The Physicians' Health Study: Aspirin for the Primary Prevention of Myocardial Infarction

Thomas J. Hartney, Samuel Shapiro, Krishna M. Jain, Eugene Simoni, Christopher T. Sempos, Richard S. Cooper, James A. Landauer, Michael J. Koren, Alfred A. Rimm

Research output: Contribution to journalLetter

16 Citations (Scopus)

Abstract

To the Editor: The recently published aspirin component of the ongoing Physicians' Health Study (Jan. 28 issue)1 represents the first primary-prevention trial to document a statistically significant reduction in fatal and nonfatal myocardial infarction as a result of aspirin prophylaxis. My review of this article made me wonder why so few cardiovascular deaths were observed, and whether there is an optimal dose of aspirin to prevent arterial thrombosis.2 Although 733 cardiovascular deaths were expected, only 88 were documented. This represents a cardiovascular mortality 88 percent less than expected. No explanation for this striking reduction was proposed. Is it possible that.

Original languageEnglish (US)
Pages (from-to)924-926
Number of pages3
JournalNew England Journal of Medicine
Volume318
Issue number14
DOIs
StatePublished - Apr 7 1988

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Primary Prevention
Aspirin
Myocardial Infarction
Physicians
Health
Mortality

All Science Journal Classification (ASJC) codes

  • Medicine(all)

Cite this

Hartney, T. J., Shapiro, S., Jain, K. M., Simoni, E., Sempos, C. T., Cooper, R. S., ... Rimm, A. A. (1988). The Physicians' Health Study: Aspirin for the Primary Prevention of Myocardial Infarction. New England Journal of Medicine, 318(14), 924-926. https://doi.org/10.1056/NEJM198804073181413
Hartney, Thomas J. ; Shapiro, Samuel ; Jain, Krishna M. ; Simoni, Eugene ; Sempos, Christopher T. ; Cooper, Richard S. ; Landauer, James A. ; Koren, Michael J. ; Rimm, Alfred A. / The Physicians' Health Study : Aspirin for the Primary Prevention of Myocardial Infarction. In: New England Journal of Medicine. 1988 ; Vol. 318, No. 14. pp. 924-926.
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author = "Hartney, {Thomas J.} and Samuel Shapiro and Jain, {Krishna M.} and Eugene Simoni and Sempos, {Christopher T.} and Cooper, {Richard S.} and Landauer, {James A.} and Koren, {Michael J.} and Rimm, {Alfred A.}",
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Hartney, TJ, Shapiro, S, Jain, KM, Simoni, E, Sempos, CT, Cooper, RS, Landauer, JA, Koren, MJ & Rimm, AA 1988, 'The Physicians' Health Study: Aspirin for the Primary Prevention of Myocardial Infarction', New England Journal of Medicine, vol. 318, no. 14, pp. 924-926. https://doi.org/10.1056/NEJM198804073181413

The Physicians' Health Study : Aspirin for the Primary Prevention of Myocardial Infarction. / Hartney, Thomas J.; Shapiro, Samuel; Jain, Krishna M.; Simoni, Eugene; Sempos, Christopher T.; Cooper, Richard S.; Landauer, James A.; Koren, Michael J.; Rimm, Alfred A.

In: New England Journal of Medicine, Vol. 318, No. 14, 07.04.1988, p. 924-926.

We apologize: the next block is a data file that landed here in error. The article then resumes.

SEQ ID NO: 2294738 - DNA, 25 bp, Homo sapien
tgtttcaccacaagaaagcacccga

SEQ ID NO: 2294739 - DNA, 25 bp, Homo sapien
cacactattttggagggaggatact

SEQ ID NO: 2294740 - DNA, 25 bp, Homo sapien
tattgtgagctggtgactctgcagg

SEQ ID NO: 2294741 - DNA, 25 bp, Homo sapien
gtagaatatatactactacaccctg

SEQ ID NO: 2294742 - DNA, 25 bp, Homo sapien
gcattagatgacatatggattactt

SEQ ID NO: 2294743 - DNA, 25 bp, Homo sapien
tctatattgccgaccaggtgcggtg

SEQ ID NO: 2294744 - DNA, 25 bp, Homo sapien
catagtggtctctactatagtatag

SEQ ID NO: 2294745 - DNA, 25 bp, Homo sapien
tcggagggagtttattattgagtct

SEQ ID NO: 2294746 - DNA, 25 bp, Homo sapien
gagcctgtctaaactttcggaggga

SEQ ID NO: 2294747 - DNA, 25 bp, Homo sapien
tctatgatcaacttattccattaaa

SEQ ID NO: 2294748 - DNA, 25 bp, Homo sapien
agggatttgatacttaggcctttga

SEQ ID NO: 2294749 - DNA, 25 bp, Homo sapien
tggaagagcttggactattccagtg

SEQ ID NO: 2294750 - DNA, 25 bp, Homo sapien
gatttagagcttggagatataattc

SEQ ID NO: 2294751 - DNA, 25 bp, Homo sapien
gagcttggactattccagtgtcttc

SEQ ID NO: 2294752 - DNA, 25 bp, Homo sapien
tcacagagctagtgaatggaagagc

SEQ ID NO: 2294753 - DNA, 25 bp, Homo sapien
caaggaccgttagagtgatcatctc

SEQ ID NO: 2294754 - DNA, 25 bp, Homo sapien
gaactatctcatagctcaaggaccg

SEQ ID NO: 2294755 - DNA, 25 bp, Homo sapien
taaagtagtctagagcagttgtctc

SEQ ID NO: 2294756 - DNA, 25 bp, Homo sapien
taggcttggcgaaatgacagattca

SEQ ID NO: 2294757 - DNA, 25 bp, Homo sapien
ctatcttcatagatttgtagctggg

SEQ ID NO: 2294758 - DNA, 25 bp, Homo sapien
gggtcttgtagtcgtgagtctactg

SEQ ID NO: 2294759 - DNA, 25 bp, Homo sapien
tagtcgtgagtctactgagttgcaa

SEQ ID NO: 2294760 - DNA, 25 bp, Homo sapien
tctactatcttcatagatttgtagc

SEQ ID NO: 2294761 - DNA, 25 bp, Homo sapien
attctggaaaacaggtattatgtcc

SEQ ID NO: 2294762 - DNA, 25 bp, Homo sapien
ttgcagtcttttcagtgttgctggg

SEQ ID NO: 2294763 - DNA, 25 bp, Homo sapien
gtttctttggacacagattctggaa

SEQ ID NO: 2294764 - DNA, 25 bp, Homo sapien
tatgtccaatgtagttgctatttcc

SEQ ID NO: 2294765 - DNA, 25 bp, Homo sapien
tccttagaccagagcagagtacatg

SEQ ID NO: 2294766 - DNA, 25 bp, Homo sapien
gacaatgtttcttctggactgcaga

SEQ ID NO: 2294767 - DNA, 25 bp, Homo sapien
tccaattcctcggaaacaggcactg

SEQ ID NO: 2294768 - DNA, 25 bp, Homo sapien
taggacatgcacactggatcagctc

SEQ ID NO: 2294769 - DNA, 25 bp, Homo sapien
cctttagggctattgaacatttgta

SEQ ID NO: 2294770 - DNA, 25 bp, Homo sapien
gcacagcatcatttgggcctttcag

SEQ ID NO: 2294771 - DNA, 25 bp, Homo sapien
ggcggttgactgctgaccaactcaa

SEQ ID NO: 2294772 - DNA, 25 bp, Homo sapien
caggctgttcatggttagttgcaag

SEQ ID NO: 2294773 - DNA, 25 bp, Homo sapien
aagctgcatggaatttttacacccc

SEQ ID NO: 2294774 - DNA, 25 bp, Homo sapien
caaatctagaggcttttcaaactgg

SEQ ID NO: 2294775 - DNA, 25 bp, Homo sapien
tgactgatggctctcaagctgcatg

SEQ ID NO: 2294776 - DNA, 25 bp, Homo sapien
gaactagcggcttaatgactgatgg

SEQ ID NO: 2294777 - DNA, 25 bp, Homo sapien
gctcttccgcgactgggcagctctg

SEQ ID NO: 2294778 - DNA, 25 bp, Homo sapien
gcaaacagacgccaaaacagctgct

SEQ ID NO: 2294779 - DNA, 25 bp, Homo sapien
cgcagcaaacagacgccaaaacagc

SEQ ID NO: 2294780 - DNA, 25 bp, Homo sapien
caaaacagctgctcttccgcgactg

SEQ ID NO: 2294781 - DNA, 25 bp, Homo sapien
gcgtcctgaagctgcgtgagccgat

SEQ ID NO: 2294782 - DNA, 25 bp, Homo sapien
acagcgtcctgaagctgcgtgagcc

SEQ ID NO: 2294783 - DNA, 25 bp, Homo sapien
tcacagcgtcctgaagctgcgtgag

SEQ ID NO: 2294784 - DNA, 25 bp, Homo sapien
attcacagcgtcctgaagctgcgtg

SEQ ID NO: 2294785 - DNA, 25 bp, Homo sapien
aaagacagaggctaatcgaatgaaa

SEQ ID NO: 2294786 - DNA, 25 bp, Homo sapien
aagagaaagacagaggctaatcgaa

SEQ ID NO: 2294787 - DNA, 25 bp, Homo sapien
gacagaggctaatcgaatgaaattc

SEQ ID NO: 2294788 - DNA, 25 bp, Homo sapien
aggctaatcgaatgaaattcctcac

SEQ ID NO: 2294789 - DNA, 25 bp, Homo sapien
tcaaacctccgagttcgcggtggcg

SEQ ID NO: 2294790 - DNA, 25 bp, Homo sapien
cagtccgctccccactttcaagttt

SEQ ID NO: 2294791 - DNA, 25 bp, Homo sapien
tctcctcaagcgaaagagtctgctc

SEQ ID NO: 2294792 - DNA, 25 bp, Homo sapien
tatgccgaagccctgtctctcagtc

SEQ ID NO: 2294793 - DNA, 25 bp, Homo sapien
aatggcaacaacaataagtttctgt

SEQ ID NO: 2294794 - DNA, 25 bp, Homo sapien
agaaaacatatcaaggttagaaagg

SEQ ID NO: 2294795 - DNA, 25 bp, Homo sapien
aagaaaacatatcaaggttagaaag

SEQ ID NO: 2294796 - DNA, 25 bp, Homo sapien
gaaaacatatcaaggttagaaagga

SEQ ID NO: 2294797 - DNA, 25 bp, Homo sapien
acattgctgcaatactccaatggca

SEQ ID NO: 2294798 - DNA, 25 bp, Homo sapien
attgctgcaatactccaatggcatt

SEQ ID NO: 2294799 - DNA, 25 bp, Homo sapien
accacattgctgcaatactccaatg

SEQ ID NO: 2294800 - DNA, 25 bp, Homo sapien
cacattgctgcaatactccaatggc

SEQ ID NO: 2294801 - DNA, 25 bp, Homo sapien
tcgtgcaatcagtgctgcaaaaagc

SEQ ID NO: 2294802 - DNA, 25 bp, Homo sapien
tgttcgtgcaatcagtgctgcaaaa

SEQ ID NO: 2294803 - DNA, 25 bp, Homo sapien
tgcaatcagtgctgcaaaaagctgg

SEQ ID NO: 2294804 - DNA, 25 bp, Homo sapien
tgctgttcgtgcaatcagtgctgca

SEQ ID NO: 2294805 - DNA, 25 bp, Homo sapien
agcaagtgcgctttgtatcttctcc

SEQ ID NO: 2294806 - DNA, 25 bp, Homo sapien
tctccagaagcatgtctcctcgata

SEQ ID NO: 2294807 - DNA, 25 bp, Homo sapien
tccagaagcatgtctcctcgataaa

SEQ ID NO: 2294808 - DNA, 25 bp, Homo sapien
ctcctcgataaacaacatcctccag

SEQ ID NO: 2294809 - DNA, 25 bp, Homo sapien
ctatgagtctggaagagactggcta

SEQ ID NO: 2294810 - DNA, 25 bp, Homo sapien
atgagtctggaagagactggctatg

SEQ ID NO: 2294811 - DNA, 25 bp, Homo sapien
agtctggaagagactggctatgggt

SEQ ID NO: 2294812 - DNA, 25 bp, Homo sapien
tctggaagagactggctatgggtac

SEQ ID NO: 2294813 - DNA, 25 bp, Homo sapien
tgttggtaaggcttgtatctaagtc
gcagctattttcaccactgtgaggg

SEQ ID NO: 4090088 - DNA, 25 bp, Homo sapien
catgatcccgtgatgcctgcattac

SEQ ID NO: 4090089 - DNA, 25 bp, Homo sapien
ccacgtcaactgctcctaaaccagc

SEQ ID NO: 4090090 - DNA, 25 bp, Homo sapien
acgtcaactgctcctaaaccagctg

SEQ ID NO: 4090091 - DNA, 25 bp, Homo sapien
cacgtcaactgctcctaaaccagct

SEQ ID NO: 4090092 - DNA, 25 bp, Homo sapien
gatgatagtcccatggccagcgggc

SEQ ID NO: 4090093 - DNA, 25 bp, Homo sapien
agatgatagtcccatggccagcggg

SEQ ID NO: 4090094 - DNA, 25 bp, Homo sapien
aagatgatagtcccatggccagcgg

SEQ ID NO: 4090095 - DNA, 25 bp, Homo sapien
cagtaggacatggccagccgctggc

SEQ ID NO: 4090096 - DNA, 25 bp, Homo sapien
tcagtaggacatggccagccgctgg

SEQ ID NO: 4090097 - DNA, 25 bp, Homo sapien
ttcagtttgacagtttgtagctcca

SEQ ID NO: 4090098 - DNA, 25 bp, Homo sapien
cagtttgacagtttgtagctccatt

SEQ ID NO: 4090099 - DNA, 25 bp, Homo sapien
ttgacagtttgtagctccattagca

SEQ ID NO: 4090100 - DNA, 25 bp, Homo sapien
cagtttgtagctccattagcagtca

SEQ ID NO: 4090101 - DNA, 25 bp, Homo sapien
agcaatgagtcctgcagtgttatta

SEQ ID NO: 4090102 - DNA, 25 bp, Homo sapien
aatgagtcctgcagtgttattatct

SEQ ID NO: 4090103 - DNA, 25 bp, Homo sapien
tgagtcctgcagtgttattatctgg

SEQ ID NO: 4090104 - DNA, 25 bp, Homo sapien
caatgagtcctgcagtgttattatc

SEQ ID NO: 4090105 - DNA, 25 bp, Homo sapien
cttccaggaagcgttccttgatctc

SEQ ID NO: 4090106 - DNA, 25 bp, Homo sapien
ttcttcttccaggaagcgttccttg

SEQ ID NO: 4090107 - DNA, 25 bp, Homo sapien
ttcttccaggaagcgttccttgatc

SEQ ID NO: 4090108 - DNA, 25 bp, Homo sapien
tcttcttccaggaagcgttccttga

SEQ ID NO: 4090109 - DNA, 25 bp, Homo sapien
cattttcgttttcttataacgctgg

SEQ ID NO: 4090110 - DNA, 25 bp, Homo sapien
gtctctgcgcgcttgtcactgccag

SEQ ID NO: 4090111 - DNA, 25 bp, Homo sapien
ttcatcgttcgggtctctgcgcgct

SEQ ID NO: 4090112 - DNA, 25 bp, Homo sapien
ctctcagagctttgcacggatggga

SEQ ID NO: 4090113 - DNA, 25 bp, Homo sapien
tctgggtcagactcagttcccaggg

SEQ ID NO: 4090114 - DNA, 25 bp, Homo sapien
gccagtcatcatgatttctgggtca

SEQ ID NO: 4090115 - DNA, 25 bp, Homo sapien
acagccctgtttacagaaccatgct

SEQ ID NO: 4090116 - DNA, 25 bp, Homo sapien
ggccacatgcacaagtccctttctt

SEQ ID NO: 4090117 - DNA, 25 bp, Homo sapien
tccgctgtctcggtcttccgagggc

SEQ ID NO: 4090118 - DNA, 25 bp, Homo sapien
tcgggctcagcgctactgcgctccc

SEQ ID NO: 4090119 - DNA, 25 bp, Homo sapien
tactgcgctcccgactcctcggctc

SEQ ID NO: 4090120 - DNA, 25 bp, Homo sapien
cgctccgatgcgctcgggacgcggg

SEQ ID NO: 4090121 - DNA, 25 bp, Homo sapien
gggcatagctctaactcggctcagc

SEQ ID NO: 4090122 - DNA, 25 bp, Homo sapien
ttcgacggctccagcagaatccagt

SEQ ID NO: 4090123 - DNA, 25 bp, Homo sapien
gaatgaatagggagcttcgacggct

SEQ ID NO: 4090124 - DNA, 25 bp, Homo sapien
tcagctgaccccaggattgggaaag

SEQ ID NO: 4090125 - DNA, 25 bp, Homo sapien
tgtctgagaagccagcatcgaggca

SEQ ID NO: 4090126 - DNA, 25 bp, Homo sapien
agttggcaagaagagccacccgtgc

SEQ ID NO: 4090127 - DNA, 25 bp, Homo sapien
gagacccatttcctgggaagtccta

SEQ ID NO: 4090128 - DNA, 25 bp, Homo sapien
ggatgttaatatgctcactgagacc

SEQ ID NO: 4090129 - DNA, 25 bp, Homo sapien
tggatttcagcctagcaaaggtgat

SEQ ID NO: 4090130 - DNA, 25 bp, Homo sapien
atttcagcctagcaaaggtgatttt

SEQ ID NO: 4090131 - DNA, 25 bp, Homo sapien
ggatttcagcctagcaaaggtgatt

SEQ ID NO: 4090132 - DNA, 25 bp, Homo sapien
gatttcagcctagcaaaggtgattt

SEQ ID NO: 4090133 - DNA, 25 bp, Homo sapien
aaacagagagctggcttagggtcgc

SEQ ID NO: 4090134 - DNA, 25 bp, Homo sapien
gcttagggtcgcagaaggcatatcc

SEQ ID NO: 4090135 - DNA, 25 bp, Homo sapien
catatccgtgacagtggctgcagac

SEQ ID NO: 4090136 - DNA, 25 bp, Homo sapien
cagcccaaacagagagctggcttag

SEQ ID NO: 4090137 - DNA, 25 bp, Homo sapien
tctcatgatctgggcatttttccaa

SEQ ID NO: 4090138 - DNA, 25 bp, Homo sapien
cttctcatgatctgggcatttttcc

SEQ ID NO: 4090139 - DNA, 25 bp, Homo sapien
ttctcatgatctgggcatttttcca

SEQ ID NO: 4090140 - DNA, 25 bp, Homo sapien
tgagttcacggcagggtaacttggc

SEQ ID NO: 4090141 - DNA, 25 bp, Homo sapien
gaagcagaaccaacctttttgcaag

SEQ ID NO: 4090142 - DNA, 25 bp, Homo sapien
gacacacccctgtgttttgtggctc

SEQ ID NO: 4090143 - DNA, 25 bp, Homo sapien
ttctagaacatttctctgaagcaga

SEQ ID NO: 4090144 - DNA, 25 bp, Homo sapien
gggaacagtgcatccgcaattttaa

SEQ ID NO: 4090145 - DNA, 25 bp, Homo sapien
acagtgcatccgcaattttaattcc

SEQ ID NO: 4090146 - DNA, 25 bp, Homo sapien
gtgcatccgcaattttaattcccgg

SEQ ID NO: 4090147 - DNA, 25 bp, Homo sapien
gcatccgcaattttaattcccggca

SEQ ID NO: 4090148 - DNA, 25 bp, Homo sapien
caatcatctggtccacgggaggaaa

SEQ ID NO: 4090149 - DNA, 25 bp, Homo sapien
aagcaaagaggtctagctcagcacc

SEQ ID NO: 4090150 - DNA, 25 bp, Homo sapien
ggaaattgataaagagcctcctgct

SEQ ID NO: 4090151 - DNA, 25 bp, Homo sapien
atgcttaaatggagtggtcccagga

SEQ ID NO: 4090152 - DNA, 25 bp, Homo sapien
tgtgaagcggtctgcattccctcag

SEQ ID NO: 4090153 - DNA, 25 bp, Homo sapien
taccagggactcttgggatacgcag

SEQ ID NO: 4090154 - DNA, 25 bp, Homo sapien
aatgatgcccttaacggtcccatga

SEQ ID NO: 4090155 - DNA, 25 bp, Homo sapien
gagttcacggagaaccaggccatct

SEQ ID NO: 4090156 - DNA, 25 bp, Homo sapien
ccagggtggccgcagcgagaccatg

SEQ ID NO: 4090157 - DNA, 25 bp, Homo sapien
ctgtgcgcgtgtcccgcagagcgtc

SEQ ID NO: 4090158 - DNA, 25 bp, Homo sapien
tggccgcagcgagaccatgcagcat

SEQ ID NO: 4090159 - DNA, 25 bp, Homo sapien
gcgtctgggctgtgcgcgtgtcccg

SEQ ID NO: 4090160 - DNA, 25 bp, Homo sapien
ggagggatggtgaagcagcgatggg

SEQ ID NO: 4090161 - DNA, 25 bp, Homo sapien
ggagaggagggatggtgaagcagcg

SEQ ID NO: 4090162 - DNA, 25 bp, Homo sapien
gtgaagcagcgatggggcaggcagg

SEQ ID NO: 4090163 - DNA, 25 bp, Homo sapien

Research output: Contribution to journalLetter

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T1 - The Physicians' Health Study

T2 - Aspirin for the Primary Prevention of Myocardial Infarction

AU - Hartney, Thomas J.

AU - Shapiro, Samuel

AU - Jain, Krishna M.

AU - Simoni, Eugene

AU - Sempos, Christopher T.

AU - Cooper, Richard S.

AU - Landauer, James A.

AU - Koren, Michael J.

AU - Rimm, Alfred A.

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N2 - To the Editor: The recently published aspirin component of the ongoing Physicians' Health Study (Jan. 28 issue)1 represents the first primary-prevention trial to document a statistically significant reduction in fatal and nonfatal myocardial infarction as a result of aspirin prophylaxis. My review of this article made me wonder why so few cardiovascular deaths were observed, and whether there is an optimal dose of aspirin to prevent arterial thrombosis.2 Although 733 cardiovascular deaths were expected, only 88 were documented. This represents a cardiovascular mortality 88 percent less than expected. No explanation for this striking reduction was proposed. Is it possible that.

AB - To the Editor: The recently published aspirin component of the ongoing Physicians' Health Study (Jan. 28 issue)1 represents the first primary-prevention trial to document a statistically significant reduction in fatal and nonfatal myocardial infarction as a result of aspirin prophylaxis. My review of this article made me wonder why so few cardiovascular deaths were observed, and whether there is an optimal dose of aspirin to prevent arterial thrombosis.2 Although 733 cardiovascular deaths were expected, only 88 were documented. This represents a cardiovascular mortality 88 percent less than expected. No explanation for this striking reduction was proposed. Is it possible that.

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